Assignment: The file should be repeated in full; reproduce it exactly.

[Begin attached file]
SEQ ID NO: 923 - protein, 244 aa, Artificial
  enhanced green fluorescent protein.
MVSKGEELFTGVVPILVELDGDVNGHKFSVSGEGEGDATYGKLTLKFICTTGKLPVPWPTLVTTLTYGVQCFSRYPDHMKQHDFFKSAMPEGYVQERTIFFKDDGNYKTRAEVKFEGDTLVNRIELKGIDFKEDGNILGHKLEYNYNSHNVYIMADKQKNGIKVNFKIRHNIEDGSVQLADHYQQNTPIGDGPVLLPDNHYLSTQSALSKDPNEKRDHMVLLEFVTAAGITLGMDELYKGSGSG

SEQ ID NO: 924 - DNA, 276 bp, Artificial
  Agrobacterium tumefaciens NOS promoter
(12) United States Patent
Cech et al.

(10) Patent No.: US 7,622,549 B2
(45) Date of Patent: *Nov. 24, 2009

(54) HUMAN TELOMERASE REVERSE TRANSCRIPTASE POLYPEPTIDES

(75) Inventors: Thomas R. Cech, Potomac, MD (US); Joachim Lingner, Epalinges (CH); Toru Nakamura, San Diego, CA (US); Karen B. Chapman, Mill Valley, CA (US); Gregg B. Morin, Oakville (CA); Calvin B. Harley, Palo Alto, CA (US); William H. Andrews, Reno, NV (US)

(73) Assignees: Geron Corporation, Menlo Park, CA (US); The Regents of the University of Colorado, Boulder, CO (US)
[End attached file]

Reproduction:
SEQ ID NO: 923 - protein, 244 aa, Artificial
  enhanced green fluorescent protein.
MVSKGEELFTGVVPILVELDGDVNGHKFSVSGEGEGDATYGKLTLKFICTTGKLPVPWPTLVTTLTYGVQCFSRYPDHMKQHDFFKSAMPEGYVQERTIFFKDDGNYKTRAEVKFEGDTLVNRIELKGIDFKEDGNILGHKLEYNYNSHNVYIMADKQKNGIKVNFKIRHNIEDGSVQLADHYQQNTPIGDGPVLLPDNHYLSTQSALSKDPNEKRDHMVLLEFVTAAGITLGMDELYKGSGSG

SEQ ID NO: 924 - DNA, 276 bp, Artificial
  Agrobacterium tumefaciens NOS promoter
(12) United States Patent
Cech et al.

(10) Patent No.: US 7,622,549 B2
(45) Date of Patent: *Nov. 24, 2009

(54) HUMAN TELOMERASE REVERSE TRANSCRIPTASE POLYPEPTIDES

(75) Inventors: Thomas R. Cech, Potomac, MD (US); Joachim Lingner, Epalinges (CH); Toru Nakamura, San Diego, CA (US); Karen B. Chapman, Mill Valley, CA (US); Gregg B. Morin, Oakville (CA); Calvin B. Harley, Palo Alto, CA (US); William H. Andrews, Reno, NV (US)

(73) Assignees: Geron Corporation, Menlo Park, CA (US); The Regents of the University of Colorado, Boulder, CO (US)